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Article: Literacy and the Courts (Alteneder 2007)

This article sets out how the prevalence of low literacy in America, as identified by the National Assessment of Adult Literacy (NAAL), explains why so many employees, clients and customers in everyday situations often fail to complete forms accurately, do not provide information in a timely manner, do not demonstrate knowledge of written material that has been provided, or do not follow instructions. As elucidated by the NAAL study, most are not being oppositional, lazy or uncooperative; rather, the average American simply cannot process the information provided. Within the courts, this crisis in literacy has been amplified by the rise of self-represented litigants trying to navigate a system designed for use by lawyers. This article discusses literacy in relation to self-representation in Alaska courts, particularly in domestic relationship cases, which have a high proportion of self-represented litigants.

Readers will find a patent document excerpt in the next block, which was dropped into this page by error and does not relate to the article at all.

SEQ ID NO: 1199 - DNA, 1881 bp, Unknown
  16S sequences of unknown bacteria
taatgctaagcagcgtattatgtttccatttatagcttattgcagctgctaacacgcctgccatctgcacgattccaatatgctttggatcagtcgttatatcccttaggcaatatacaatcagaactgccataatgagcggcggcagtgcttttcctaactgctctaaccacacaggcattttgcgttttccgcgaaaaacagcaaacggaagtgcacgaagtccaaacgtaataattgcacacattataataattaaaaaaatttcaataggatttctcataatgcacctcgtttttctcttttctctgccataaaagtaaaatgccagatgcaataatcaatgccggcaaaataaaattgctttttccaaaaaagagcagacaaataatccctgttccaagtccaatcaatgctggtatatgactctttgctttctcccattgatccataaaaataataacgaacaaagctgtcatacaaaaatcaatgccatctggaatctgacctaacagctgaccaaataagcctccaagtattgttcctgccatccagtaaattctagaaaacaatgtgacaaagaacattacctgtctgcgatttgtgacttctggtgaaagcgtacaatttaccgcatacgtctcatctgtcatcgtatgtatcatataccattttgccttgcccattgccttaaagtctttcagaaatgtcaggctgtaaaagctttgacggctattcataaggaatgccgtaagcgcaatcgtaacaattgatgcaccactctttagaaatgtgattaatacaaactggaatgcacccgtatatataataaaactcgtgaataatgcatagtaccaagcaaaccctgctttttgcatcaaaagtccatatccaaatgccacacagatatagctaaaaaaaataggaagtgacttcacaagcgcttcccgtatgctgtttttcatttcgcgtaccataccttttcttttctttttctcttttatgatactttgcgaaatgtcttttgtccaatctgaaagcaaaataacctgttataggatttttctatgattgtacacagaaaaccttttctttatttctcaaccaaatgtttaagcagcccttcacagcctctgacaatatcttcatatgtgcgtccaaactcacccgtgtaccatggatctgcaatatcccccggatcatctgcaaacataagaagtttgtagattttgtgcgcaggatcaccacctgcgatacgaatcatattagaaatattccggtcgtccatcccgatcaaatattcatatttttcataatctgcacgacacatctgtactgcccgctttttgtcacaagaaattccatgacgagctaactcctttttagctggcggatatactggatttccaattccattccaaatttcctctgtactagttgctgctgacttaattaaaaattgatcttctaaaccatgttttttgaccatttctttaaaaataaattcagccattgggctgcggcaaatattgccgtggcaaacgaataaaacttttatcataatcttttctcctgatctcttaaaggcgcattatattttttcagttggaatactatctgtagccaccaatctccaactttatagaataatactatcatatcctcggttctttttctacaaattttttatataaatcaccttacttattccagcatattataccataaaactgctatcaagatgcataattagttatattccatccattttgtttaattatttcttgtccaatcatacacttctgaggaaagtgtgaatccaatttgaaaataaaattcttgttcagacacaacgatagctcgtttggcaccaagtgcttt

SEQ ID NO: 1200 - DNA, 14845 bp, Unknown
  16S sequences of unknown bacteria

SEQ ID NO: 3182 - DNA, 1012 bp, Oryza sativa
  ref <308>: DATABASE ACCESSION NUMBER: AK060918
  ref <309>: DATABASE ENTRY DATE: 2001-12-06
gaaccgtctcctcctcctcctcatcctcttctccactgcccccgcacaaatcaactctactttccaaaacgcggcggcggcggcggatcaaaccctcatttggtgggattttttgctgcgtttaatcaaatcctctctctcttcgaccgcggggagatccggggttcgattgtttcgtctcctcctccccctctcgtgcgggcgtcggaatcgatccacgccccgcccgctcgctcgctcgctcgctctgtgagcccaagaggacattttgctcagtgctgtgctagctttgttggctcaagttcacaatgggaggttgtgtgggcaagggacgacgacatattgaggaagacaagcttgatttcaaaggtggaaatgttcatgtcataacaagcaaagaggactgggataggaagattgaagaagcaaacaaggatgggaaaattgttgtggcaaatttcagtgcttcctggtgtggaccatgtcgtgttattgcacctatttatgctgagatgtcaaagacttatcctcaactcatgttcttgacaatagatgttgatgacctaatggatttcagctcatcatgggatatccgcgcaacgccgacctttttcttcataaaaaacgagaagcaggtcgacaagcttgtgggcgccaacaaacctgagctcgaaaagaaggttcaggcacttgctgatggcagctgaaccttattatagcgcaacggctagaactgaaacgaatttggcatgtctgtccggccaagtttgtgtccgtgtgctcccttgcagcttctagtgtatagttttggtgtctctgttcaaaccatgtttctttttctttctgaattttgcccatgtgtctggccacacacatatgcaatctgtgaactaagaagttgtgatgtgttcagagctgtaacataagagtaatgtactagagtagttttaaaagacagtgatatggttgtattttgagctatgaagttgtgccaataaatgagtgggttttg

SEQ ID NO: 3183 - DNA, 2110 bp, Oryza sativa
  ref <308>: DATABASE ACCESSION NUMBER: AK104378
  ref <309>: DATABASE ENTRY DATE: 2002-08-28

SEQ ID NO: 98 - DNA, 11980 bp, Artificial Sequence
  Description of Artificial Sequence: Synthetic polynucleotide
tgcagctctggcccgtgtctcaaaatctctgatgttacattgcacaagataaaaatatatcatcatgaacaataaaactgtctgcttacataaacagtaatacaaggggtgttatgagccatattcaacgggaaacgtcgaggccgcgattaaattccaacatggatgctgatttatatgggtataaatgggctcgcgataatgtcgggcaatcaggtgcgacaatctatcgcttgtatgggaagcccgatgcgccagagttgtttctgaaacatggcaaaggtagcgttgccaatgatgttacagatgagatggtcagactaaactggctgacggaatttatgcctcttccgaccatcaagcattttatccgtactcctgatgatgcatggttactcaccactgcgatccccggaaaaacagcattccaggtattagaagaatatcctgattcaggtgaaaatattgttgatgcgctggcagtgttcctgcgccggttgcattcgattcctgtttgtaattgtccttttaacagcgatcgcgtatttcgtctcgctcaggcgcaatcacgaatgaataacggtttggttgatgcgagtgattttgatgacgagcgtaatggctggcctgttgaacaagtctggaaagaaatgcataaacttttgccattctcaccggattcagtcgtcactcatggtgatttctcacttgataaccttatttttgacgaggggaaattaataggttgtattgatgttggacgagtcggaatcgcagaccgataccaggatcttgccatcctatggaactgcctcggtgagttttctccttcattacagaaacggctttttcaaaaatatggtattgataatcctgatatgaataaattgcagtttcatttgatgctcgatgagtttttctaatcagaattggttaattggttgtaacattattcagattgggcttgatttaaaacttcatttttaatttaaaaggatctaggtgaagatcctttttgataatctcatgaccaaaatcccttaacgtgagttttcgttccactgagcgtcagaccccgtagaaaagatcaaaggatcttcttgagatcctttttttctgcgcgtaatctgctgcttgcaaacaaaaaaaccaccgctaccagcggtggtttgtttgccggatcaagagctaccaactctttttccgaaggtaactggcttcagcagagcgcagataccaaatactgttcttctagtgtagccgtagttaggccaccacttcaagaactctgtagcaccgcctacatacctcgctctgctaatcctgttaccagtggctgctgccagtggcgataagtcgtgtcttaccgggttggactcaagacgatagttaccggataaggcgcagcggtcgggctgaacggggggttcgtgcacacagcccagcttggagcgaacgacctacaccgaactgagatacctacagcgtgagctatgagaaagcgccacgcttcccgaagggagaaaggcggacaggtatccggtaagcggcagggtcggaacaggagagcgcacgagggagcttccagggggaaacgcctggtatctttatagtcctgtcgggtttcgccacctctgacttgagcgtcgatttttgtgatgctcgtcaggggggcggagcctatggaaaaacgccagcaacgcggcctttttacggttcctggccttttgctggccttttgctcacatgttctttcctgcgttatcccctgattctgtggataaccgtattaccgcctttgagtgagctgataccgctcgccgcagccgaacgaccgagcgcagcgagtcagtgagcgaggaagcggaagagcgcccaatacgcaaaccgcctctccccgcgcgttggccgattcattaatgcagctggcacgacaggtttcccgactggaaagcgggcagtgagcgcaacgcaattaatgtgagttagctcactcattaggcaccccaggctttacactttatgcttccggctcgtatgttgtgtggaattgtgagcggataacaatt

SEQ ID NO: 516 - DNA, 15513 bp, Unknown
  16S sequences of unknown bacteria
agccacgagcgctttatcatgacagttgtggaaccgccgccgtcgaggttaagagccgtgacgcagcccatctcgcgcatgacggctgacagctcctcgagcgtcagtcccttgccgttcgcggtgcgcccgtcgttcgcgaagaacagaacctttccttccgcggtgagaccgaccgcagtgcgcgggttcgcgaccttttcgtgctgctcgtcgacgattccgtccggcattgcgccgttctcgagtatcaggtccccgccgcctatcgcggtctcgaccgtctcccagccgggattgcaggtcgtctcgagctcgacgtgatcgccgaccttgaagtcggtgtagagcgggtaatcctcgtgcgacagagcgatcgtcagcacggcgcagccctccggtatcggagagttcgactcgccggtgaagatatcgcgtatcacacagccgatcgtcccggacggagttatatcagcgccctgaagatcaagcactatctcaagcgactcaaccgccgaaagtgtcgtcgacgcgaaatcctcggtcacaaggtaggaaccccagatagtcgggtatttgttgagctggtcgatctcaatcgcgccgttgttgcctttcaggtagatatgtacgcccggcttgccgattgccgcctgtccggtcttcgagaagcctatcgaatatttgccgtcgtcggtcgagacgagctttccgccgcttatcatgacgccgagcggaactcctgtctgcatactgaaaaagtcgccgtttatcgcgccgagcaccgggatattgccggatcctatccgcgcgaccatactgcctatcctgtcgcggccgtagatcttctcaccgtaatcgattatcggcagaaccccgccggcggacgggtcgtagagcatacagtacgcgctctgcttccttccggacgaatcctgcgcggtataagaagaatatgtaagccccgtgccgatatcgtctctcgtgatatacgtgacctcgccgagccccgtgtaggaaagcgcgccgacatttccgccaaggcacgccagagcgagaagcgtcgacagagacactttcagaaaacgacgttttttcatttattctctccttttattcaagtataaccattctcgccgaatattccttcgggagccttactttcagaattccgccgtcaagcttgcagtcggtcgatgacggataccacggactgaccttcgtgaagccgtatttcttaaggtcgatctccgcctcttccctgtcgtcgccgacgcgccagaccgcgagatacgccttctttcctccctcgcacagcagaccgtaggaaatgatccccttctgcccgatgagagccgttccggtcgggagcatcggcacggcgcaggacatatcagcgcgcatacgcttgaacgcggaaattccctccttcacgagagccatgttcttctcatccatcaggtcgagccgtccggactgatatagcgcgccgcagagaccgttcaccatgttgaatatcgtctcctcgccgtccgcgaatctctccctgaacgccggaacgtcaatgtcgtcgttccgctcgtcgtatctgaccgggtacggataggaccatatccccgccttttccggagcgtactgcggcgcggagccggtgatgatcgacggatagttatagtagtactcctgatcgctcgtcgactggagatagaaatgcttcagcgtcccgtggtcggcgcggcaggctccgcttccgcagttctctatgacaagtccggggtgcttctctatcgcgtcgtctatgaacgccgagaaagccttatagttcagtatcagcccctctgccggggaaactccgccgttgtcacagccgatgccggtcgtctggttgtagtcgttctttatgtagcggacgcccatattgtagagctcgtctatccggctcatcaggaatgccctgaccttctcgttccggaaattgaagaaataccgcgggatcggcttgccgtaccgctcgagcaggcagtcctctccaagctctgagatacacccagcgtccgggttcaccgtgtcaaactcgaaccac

Recommended citation: Katherine Alteneder, Literacy and the Courts, 24 Alaska Justice Forum 2, 5-8 (2007). Available at